1. Binoculars or Telescope: Enhance your view of distant celestial objects.
  2. Stargazing Apps: Utilize astronomy apps to identify stars, planets, and constellations.
  3. Warm Clothing: Even in the summer, Alaskan nights can be chilly, so dress in layers.
  4. Campfire Essentials: Create a cozy atmosphere with a small, controlled campfire.

Aurora Borealis – Northern Lights

While not exclusive to Katmai, the Northern Lights, or Aurora Borealis, occasionally graces the night sky. The auroras add an extra layer of magic to the stargazing experience. Check local forecasts for aurora activity during your visit and, if lucky, witness the dancing lights in the northern heavens.

Stargazing Etiquette

To preserve the pristine nature of Katmai and respect fellow stargazers:

  1. Minimize Light Use: Use red LED lights or cover flashlights with red filters to minimize light pollution.
  2. Pack Out Trash: Leave no trace and pack out all your waste, including packaging and food remnants.
  3. Respect Quiet Hours: Be mindful of noise levels, especially in campgrounds, to maintain a serene stargazing atmosphere.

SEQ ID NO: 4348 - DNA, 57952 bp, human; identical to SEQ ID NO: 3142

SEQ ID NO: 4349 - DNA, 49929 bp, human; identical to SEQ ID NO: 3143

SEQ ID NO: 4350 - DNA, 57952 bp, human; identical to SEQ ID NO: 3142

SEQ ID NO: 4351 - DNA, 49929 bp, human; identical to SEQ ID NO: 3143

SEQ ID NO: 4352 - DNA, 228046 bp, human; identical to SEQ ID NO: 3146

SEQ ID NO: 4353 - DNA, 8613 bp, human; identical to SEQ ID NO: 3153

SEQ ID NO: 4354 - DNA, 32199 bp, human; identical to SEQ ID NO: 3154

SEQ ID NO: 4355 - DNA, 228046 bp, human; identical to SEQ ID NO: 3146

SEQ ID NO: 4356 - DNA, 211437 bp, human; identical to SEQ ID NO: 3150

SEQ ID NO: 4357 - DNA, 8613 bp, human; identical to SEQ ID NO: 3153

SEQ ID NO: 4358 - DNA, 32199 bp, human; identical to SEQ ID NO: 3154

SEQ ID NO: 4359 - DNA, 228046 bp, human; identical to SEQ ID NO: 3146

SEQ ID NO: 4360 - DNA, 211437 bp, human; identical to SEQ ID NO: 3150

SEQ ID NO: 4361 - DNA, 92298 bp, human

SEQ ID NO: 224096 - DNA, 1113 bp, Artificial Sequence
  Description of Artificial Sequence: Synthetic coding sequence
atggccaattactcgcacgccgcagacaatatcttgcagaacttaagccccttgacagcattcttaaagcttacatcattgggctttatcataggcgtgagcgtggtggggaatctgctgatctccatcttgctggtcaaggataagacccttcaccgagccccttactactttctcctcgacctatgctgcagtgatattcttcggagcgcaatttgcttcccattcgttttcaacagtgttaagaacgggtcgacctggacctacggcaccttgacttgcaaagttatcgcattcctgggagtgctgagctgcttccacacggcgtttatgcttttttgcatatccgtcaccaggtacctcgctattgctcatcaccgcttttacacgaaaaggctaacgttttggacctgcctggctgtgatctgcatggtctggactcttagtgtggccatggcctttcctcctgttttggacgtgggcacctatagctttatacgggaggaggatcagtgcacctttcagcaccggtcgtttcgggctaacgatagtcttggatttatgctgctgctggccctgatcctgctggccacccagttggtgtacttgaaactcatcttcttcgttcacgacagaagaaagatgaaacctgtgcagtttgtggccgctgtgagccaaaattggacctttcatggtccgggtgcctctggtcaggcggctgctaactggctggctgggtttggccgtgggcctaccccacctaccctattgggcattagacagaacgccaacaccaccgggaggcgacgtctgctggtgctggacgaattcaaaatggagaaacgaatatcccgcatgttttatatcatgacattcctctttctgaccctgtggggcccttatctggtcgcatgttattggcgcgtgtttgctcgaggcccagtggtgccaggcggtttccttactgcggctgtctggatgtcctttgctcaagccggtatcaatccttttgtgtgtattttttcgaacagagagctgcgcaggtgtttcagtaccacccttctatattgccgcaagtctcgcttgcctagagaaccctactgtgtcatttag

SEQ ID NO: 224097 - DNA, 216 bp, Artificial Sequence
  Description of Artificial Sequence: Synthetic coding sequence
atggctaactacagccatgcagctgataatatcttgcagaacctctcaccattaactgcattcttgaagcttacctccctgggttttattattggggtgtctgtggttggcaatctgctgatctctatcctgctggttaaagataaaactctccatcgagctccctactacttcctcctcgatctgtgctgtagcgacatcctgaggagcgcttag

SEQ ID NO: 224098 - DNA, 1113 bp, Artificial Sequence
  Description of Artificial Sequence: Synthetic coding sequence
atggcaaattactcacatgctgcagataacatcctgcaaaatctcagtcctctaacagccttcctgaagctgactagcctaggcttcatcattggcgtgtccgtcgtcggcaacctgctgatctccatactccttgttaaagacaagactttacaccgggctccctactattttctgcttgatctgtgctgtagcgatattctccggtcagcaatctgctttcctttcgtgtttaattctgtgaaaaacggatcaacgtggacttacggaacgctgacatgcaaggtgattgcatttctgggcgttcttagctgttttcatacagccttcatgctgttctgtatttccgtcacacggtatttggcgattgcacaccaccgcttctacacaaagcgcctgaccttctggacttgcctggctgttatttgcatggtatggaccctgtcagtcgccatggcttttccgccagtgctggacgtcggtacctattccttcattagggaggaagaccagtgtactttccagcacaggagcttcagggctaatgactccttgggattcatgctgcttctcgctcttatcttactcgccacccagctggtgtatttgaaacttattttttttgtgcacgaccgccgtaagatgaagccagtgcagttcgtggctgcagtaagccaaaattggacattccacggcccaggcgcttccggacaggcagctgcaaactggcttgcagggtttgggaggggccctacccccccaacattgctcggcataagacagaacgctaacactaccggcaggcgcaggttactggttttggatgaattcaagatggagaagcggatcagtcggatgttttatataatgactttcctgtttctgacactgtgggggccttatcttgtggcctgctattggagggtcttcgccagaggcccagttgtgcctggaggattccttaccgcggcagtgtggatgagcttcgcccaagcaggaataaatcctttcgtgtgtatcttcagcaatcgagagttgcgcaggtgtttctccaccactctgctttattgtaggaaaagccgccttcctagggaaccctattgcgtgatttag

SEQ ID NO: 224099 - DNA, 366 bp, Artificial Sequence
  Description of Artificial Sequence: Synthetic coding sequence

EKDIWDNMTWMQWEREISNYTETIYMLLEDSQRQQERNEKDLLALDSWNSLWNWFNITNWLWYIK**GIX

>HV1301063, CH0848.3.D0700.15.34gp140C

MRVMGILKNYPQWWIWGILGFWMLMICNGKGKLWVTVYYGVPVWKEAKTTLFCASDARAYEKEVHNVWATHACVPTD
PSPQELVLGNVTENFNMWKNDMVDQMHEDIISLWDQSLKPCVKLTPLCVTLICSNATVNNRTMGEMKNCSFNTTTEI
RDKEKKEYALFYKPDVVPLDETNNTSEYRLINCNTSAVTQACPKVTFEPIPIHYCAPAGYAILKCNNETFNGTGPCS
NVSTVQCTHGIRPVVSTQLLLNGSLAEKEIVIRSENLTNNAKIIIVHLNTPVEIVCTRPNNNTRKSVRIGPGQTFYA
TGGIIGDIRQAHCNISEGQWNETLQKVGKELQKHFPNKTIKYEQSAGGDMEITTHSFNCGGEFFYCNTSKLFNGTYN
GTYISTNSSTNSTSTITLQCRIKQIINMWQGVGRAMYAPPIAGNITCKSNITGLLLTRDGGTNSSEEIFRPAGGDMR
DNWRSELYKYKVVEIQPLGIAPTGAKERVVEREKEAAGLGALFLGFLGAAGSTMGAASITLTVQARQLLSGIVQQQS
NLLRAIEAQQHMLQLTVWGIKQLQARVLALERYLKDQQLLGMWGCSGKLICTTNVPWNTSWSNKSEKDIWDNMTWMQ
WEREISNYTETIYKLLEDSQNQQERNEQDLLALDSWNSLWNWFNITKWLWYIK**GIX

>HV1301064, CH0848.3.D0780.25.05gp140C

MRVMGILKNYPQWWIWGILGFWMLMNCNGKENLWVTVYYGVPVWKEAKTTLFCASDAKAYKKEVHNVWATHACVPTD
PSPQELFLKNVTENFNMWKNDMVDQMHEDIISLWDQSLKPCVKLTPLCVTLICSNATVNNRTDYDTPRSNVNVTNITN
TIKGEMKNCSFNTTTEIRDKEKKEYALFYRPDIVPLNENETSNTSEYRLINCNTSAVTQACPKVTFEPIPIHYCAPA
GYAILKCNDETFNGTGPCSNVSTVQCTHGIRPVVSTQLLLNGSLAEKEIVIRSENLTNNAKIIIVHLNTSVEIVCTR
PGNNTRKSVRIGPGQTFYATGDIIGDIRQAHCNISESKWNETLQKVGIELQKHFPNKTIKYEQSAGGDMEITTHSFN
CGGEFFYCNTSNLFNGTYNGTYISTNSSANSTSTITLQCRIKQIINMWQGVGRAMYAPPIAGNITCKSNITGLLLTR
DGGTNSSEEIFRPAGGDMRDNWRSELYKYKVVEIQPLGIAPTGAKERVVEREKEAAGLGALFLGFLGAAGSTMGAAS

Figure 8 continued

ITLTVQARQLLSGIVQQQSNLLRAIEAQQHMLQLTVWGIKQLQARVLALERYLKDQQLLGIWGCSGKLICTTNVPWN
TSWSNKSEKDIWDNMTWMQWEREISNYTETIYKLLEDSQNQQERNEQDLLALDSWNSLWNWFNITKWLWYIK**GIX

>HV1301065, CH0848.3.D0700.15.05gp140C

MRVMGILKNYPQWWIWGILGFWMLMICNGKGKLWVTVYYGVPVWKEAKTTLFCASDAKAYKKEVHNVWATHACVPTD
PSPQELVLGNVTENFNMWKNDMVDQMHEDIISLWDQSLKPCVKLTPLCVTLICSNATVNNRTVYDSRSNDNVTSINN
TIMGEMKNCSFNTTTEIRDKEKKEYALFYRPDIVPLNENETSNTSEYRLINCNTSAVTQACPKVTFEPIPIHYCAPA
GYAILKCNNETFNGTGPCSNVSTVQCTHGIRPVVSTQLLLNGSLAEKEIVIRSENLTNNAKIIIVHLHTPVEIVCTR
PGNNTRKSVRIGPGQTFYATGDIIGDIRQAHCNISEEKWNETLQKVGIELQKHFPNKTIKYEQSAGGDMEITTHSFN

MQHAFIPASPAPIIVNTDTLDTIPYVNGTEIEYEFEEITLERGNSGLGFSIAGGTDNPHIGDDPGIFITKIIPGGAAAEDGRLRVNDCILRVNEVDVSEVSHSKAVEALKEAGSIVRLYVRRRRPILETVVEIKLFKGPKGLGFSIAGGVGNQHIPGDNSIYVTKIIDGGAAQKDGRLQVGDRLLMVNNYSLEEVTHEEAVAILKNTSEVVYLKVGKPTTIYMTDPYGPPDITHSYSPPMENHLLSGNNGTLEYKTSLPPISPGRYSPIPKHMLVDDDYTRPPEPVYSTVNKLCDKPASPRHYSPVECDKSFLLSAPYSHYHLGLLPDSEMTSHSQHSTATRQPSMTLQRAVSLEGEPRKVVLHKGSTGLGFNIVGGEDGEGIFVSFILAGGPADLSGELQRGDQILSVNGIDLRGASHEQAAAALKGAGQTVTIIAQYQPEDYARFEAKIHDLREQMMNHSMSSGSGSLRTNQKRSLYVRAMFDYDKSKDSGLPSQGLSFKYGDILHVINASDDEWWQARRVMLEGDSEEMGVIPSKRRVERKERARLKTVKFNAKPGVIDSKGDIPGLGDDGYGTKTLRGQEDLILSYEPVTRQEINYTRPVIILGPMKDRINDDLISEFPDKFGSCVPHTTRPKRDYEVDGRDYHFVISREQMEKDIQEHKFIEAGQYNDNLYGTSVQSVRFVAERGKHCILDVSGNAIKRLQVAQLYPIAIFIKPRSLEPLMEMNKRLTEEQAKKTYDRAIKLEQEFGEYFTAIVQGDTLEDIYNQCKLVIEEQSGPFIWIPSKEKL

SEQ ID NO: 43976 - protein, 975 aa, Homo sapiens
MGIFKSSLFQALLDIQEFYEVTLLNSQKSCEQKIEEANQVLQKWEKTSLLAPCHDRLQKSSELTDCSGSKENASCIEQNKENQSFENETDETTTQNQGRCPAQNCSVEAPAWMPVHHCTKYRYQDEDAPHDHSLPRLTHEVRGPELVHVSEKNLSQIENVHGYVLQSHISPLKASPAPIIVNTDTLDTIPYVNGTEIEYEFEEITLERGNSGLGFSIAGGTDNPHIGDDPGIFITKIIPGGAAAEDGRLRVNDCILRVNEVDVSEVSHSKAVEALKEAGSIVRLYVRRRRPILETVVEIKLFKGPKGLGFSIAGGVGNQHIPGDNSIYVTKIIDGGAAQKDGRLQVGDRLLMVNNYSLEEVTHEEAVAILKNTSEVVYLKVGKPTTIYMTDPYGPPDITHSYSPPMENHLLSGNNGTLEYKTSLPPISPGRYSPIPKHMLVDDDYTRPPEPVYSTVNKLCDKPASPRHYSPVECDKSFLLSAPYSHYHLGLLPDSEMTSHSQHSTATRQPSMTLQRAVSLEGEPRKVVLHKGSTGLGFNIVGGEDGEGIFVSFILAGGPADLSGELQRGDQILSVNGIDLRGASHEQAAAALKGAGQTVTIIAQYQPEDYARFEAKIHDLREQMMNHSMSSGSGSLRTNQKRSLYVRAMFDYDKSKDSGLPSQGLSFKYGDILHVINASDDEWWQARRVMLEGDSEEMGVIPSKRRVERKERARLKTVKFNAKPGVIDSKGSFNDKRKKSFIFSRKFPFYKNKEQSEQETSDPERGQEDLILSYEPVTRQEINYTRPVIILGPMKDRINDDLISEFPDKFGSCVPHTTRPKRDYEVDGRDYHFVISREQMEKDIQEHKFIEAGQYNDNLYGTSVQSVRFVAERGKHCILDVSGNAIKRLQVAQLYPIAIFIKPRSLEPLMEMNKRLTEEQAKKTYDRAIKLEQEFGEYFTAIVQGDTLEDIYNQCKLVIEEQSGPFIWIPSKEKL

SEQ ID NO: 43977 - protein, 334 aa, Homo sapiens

Embark on a celestial journey in Katmai National Park, where the stars come to life in a symphony of light, offering a glimpse into the vastness of the universe against the backdrop of Alaska’s untamed wilderness.

Weather and Seasonal Considerations

Grizzly bear fishing during winter at Katmai National Park and PreserveKatmai’s weather is highly variable and extreme, so overlanders need to plan accordingly based on the season.

Summer sees the mildest temperatures and driest weather, though rain is still common. July through September is warmest, with highs around 60-70°F. This is the best season for bear viewing, fishing, and hiking. Insect levels peak in June and July.

In fall, temperatures drop quickly starting in September, with hard freezes by late October. Fall brings excellent northern lights viewing as nights grow longer. The crowds thin out but rains pick up. Beware of early snowstorms at high elevations.

Winter in Katmai is dark and frigid, with perpetual darkness from November to January. Sub-zero temperatures are the norm, dipping to -40°F. Deep snows blanket the landscape. Only experienced winter overlanders will explore Katmai this time of year.